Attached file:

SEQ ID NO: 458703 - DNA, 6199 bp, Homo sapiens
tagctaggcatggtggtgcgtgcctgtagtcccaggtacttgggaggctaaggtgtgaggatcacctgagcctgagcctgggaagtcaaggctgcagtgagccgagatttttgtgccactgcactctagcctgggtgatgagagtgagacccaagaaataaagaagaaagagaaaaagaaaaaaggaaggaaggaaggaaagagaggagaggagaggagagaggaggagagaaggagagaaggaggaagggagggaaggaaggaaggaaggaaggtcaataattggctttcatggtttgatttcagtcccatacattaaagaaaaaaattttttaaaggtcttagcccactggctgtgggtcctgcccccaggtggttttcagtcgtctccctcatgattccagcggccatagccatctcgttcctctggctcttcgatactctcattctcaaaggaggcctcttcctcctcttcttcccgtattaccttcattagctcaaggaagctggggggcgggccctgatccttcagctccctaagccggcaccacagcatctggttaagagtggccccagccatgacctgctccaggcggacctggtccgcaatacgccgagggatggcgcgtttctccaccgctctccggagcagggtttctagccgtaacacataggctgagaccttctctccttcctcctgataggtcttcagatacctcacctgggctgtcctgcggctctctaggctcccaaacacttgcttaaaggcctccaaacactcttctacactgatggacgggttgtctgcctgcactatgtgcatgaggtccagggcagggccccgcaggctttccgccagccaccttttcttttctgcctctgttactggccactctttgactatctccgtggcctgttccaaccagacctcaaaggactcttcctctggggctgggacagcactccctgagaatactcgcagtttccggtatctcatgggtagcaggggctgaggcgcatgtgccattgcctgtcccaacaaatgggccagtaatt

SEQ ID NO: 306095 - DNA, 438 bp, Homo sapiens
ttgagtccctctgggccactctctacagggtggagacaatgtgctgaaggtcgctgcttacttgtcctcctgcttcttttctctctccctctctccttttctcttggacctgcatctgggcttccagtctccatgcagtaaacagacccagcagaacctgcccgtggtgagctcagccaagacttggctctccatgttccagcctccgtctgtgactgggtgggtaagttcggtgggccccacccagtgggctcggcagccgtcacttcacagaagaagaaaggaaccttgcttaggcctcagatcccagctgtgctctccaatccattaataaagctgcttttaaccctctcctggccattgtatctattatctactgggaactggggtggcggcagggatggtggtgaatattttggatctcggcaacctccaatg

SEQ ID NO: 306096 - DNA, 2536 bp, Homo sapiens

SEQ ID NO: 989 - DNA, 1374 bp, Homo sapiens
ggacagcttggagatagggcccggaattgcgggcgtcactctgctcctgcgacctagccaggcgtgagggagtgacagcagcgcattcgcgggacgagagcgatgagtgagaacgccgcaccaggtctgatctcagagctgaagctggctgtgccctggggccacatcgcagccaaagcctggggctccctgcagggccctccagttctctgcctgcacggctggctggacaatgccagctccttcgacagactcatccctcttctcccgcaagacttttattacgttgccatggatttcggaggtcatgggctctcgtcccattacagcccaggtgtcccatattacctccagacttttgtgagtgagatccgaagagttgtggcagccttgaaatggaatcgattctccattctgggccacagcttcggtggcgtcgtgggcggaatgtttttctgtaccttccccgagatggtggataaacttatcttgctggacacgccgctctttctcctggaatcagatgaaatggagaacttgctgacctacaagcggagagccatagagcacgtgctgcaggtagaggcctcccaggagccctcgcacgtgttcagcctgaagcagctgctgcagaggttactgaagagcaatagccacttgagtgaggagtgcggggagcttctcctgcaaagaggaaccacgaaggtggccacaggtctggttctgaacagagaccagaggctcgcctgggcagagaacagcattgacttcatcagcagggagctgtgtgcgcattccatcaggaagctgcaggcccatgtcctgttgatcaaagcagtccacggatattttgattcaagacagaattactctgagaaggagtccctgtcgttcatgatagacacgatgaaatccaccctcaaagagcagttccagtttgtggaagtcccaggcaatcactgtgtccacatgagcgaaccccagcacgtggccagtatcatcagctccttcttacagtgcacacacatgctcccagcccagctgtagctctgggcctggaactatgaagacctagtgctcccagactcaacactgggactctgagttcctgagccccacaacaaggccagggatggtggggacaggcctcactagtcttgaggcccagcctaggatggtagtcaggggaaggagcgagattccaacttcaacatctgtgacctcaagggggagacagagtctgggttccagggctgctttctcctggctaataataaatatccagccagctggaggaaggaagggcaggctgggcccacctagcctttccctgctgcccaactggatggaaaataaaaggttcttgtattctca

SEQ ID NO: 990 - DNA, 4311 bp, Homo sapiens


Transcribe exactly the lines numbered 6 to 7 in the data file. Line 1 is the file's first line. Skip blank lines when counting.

SEQ ID NO: 989 - DNA, 1374 bp, Homo sapiens
ggacagcttggagatagggcccggaattgcgggcgtcactctgctcctgcgacctagccaggcgtgagggagtgacagcagcgcattcgcgggacgagagcgatgagtgagaacgccgcaccaggtctgatctcagagctgaagctggctgtgccctggggccacatcgcagccaaagcctggggctccctgcagggccctccagttctctgcctgcacggctggctggacaatgccagctccttcgacagactcatccctcttctcccgcaagacttttattacgttgccatggatttcggaggtcatgggctctcgtcccattacagcccaggtgtcccatattacctccagacttttgtgagtgagatccgaagagttgtggcagccttgaaatggaatcgattctccattctgggccacagcttcggtggcgtcgtgggcggaatgtttttctgtaccttccccgagatggtggataaacttatcttgctggacacgccgctctttctcctggaatcagatgaaatggagaacttgctgacctacaagcggagagccatagagcacgtgctgcaggtagaggcctcccaggagccctcgcacgtgttcagcctgaagcagctgctgcagaggttactgaagagcaatagccacttgagtgaggagtgcggggagcttctcctgcaaagaggaaccacgaaggtggccacaggtctggttctgaacagagaccagaggctcgcctgggcagagaacagcattgacttcatcagcagggagctgtgtgcgcattccatcaggaagctgcaggcccatgtcctgttgatcaaagcagtccacggatattttgattcaagacagaattactctgagaaggagtccctgtcgttcatgatagacacgatgaaatccaccctcaaagagcagttccagtttgtggaagtcccaggcaatcactgtgtccacatgagcgaaccccagcacgtggccagtatcatcagctccttcttacagtgcacacacatgctcccagcccagctgtagctctgggcctggaactatgaagacctagtgctcccagactcaacactgggactctgagttcctgagccccacaacaaggccagggatggtggggacaggcctcactagtcttgaggcccagcctaggatggtagtcaggggaaggagcgagattccaacttcaacatctgtgacctcaagggggagacagagtctgggttccagggctgctttctcctggctaataataaatatccagccagctggaggaaggaagggcaggctgggcccacctagcctttccctgctgcccaactggatggaaaataaaaggttcttgtattctca